Analysis

Embracing Flexibility: Quo Vadis European Power Market Design?

Electricity is poised to gradually play a bigger role in the transport and building sectors but in order for Europe to reach its climate change targets, the electricity will need to be sourced from more low carbon sources and especially from variable renewable sources.

The two ongoing trends – the electrification of sectors and the need to integrate electricity from variable renewables – mean that there will be more need for flexibility in the electricity sector. This can be done by the flexibilization of consumption side and the storage, a better cross-border interconnectivity, the integration of different sectors and the more intensive use of the existing networks.

An efficient EU-wide market integration is the principal and most cost-effective source of flexibility, whereby the biggest potential remains in the intraday and balancing markets. The harmonization of market designs is also needed for this integration since the current integration approach attempts to build bridges between diverse national markets. The existing target model, which is based on continuous trading, should be swiftly implemented.

In order to make a greater market integration happen, the EU Commission should focus on harmonizing national short-term and balancing market designs. This should be done by enabling swift implementation of existing provisions such as continuous trading in the intraday market. Harmonization should start at the regional level and the European Commission, member states and power exchanges and transmission system operators should continue to pursue pan-European market coupling of day-ahead markets, especially connecting with Central and Eastern Europe.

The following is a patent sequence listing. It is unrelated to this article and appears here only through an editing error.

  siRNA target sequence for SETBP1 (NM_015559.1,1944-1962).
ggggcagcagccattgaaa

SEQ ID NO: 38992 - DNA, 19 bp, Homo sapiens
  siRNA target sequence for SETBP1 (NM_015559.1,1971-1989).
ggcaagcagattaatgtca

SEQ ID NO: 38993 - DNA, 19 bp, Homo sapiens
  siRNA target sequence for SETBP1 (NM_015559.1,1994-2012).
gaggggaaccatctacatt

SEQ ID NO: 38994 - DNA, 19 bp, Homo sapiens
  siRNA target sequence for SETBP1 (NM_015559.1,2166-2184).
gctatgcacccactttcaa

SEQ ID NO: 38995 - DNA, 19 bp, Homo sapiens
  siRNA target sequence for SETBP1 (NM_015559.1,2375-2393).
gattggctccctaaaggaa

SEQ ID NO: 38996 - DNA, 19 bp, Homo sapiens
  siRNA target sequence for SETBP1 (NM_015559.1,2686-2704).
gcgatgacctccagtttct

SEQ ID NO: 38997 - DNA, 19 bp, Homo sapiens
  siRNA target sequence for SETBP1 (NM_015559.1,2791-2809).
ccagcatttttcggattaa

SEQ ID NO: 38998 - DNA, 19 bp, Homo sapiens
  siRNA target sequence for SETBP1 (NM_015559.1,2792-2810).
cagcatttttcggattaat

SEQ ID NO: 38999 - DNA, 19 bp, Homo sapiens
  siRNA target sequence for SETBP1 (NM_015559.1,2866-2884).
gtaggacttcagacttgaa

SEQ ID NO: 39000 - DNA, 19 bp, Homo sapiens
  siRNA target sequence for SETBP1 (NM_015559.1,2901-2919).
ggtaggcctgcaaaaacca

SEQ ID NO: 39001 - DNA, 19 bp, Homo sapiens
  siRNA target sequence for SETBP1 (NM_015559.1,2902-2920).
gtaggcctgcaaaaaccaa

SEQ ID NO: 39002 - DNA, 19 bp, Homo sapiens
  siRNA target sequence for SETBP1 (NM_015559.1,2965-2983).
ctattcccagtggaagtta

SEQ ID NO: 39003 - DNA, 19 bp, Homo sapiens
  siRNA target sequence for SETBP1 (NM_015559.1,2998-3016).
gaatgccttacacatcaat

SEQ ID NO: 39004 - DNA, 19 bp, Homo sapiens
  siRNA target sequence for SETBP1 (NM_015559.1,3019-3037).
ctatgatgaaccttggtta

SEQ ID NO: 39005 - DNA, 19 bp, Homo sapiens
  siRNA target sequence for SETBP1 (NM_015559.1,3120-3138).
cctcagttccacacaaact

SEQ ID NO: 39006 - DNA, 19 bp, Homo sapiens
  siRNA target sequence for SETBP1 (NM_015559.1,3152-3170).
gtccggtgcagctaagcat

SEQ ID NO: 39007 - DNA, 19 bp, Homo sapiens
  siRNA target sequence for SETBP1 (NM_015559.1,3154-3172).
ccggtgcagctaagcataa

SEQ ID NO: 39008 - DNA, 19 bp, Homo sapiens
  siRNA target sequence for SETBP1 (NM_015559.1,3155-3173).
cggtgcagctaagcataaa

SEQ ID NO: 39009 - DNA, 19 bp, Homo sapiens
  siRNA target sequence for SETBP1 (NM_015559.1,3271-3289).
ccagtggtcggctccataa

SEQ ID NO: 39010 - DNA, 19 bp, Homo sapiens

To pursue flexibility, design elements should include, among others, balancing energy auctions, which are open to pre-qualified market participants and marginal balancing energy and imbalance pricing. Meanwhile, the EU should also enable real-time disclosure of the system imbalance and imbalance price, making it possible to implicitly balance by balancing responsible parties, as well as EU-wide, harmonized intraday auctions, long and medium-term balancing capacity auctions only where justified on cost-efficiency grounds, to name most important design elements.

Grid reinforcement is the second most urgent goal towards building improved capacity allocation and bidding zone revision. Cross-zonal price differences and costs for congestion management should be earmarked as priorities. There is also a trade-off between grid reinforcement and easing congestion by increasing local flexible generation or consumption resources. However, the major obstacle to grid reinforcement is public acceptance by citizens who are affected by the construction of new lines. The key recommendations in this area therefore include the optimization of capacity allocation to the ID, the efficient balancing of the markets and, last, but not the least, the minimization of the costs for congestion management.

‘Improving the Market for Flexibility in the Electricity Sector’ – Task Force Report by Jacques de Jong and Team – Centre for European Policy Studies.
(The Task Force Report can be downloaded here)

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